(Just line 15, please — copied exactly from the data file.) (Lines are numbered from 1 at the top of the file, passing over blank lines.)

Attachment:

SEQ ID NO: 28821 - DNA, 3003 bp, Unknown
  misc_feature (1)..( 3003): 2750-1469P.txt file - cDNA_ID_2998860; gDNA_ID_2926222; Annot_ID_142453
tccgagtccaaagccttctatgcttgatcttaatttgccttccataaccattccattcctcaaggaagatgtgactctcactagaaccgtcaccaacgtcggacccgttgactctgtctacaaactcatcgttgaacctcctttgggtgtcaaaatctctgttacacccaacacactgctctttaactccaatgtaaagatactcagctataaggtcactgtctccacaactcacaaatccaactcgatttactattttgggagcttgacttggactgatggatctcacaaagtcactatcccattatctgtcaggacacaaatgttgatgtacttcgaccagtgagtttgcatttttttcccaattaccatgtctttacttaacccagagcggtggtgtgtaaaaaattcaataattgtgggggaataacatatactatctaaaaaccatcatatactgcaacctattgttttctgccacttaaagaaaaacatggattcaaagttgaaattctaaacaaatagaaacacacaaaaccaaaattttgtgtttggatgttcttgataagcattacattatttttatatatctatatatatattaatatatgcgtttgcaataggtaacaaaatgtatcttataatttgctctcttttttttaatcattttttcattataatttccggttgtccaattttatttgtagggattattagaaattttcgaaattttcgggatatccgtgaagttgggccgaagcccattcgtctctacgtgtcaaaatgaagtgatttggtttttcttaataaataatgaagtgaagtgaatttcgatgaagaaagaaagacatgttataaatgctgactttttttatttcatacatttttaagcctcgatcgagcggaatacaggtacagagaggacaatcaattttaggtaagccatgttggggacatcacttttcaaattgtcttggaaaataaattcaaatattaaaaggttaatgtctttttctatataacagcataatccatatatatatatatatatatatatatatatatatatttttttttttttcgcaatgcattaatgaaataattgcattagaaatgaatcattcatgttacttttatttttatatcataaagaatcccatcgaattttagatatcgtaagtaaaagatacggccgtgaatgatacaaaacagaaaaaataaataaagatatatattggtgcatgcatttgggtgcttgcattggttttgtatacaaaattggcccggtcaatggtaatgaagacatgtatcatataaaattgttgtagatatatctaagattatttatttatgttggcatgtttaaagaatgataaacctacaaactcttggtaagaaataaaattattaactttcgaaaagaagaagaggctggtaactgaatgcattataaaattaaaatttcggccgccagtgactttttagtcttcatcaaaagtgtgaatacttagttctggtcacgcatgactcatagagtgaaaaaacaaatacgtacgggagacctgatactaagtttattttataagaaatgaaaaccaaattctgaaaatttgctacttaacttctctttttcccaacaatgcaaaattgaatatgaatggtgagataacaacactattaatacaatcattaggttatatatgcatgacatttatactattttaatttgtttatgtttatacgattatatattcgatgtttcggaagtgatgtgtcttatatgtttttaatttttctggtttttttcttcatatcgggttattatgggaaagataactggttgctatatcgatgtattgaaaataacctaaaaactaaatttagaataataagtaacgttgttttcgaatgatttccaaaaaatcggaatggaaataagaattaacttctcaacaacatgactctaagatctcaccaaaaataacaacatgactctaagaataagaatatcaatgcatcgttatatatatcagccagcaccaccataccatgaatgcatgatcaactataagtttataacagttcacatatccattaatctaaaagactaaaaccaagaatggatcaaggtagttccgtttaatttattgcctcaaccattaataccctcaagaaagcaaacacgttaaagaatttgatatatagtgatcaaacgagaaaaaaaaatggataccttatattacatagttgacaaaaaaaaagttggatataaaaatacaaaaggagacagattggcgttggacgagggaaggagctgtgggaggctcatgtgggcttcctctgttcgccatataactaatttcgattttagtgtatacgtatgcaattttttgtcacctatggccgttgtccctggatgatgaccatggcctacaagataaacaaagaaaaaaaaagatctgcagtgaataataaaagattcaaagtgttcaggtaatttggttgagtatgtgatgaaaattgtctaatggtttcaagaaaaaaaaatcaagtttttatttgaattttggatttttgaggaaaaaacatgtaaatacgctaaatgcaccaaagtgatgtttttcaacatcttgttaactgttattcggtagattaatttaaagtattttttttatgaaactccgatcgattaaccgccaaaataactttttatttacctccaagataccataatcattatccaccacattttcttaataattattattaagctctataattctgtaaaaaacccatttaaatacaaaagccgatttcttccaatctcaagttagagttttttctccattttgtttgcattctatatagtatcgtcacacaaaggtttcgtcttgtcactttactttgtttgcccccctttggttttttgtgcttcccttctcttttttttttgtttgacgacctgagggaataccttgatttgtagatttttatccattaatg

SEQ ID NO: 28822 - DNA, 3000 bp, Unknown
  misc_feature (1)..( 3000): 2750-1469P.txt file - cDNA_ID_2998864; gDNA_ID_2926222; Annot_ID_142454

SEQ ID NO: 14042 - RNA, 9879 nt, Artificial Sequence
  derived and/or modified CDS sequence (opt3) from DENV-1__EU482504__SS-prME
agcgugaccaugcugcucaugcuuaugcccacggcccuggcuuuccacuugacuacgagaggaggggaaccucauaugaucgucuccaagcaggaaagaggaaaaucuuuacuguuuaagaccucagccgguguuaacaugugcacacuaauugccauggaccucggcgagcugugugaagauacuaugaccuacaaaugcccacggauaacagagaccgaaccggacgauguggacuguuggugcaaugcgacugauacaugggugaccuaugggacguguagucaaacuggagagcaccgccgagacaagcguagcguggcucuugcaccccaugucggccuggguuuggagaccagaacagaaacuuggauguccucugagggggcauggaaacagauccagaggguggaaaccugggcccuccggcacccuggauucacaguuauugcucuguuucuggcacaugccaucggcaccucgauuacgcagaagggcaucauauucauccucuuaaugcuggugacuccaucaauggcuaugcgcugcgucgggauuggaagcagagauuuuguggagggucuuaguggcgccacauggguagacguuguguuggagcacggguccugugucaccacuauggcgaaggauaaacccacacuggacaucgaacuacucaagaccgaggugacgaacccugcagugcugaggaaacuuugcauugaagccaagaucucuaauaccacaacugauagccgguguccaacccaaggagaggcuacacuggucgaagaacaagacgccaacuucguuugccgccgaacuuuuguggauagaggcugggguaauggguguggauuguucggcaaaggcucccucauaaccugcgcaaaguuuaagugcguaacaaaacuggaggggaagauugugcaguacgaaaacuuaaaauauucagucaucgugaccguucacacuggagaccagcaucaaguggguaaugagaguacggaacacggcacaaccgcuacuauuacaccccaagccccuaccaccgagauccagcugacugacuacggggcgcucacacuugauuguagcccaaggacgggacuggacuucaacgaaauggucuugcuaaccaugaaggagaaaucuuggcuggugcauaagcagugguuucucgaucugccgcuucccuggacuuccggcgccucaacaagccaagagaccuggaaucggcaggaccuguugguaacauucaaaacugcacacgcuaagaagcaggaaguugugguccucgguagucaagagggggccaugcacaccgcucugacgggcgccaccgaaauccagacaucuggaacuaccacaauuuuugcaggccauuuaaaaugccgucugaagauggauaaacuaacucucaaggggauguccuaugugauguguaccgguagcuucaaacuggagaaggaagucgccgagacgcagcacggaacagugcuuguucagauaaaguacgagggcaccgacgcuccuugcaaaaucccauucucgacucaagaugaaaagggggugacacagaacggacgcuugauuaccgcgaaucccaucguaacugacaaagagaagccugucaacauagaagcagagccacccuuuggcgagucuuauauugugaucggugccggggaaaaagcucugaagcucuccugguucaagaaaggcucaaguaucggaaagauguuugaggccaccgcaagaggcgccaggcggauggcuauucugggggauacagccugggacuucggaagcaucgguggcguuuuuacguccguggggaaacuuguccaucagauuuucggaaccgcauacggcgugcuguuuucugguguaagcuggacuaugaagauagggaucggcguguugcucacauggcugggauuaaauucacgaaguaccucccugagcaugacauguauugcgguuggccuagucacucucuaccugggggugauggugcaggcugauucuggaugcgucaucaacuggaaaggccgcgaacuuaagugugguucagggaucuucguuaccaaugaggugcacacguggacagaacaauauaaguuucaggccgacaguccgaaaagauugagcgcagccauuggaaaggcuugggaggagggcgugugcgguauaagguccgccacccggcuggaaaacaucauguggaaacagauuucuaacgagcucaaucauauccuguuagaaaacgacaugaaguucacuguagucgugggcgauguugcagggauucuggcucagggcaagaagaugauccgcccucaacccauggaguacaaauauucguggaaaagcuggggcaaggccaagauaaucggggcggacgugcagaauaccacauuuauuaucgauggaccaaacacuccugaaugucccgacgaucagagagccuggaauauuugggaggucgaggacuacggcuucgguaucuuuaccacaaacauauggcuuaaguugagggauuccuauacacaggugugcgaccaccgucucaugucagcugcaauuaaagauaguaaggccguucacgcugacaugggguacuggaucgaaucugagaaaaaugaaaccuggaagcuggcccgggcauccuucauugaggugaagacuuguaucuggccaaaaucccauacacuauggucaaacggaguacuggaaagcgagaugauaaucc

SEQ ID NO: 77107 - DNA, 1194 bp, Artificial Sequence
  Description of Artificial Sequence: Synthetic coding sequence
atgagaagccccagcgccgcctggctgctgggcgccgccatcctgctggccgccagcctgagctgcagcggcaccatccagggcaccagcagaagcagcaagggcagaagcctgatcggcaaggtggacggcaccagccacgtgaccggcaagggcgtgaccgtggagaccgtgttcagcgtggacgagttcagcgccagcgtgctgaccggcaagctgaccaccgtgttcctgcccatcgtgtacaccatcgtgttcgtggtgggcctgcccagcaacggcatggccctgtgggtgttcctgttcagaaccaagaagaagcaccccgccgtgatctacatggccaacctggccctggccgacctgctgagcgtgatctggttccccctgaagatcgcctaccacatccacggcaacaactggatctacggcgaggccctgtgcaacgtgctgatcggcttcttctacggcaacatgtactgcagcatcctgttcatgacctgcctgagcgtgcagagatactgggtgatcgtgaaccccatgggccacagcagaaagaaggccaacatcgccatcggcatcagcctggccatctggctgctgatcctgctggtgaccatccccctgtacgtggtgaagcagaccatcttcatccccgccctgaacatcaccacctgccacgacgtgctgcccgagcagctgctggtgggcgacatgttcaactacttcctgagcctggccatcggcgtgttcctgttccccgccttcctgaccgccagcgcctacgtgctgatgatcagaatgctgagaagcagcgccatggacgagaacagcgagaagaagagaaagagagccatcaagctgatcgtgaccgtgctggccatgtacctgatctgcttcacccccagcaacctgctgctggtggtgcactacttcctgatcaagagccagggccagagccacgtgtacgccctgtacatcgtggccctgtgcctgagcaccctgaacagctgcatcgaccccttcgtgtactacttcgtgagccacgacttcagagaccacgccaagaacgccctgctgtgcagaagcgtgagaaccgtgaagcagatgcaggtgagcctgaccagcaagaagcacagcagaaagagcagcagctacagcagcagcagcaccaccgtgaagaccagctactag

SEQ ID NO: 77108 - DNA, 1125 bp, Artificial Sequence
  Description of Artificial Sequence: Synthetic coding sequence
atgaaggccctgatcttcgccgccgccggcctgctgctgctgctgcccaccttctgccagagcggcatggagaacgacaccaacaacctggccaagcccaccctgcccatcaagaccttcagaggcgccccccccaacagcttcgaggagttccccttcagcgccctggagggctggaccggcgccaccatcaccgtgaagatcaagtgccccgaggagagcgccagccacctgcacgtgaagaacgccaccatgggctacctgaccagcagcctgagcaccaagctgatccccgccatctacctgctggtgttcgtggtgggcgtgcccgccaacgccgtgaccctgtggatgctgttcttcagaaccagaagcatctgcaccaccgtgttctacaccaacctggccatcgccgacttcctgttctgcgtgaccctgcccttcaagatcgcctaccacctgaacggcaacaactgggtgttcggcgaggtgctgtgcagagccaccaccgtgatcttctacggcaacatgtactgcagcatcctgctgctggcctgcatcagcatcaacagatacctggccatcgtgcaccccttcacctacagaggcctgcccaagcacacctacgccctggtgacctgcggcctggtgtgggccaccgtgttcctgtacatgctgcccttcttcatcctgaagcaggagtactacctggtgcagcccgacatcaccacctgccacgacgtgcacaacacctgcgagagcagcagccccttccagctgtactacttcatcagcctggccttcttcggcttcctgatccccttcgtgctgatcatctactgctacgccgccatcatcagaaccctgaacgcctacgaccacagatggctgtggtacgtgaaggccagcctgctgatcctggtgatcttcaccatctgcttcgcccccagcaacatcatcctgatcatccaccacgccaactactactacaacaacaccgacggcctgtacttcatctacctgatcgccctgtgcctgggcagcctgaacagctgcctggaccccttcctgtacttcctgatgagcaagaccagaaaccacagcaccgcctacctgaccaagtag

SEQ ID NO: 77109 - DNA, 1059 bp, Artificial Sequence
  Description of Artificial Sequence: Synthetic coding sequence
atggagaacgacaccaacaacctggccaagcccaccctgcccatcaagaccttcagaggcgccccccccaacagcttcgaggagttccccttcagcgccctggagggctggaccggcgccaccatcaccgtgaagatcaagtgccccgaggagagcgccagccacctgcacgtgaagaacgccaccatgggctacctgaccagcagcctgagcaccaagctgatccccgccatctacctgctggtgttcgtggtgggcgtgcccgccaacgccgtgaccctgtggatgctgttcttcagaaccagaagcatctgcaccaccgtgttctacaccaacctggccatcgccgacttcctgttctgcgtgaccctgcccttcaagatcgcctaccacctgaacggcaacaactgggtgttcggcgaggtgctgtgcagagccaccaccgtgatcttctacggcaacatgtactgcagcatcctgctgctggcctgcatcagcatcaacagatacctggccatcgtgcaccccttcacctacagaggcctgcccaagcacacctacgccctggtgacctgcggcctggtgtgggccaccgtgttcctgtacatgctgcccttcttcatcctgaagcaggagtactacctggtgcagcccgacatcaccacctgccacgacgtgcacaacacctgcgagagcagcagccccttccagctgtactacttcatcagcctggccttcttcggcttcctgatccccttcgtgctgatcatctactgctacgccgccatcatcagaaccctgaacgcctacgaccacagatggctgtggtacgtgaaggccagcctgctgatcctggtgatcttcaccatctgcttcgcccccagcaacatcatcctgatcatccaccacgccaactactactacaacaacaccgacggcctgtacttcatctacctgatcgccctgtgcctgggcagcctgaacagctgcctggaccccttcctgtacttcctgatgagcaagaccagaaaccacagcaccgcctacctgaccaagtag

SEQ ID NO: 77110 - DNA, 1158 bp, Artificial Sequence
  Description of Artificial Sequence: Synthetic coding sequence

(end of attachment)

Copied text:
SEQ ID NO: 77109 - DNA, 1059 bp, Artificial Sequence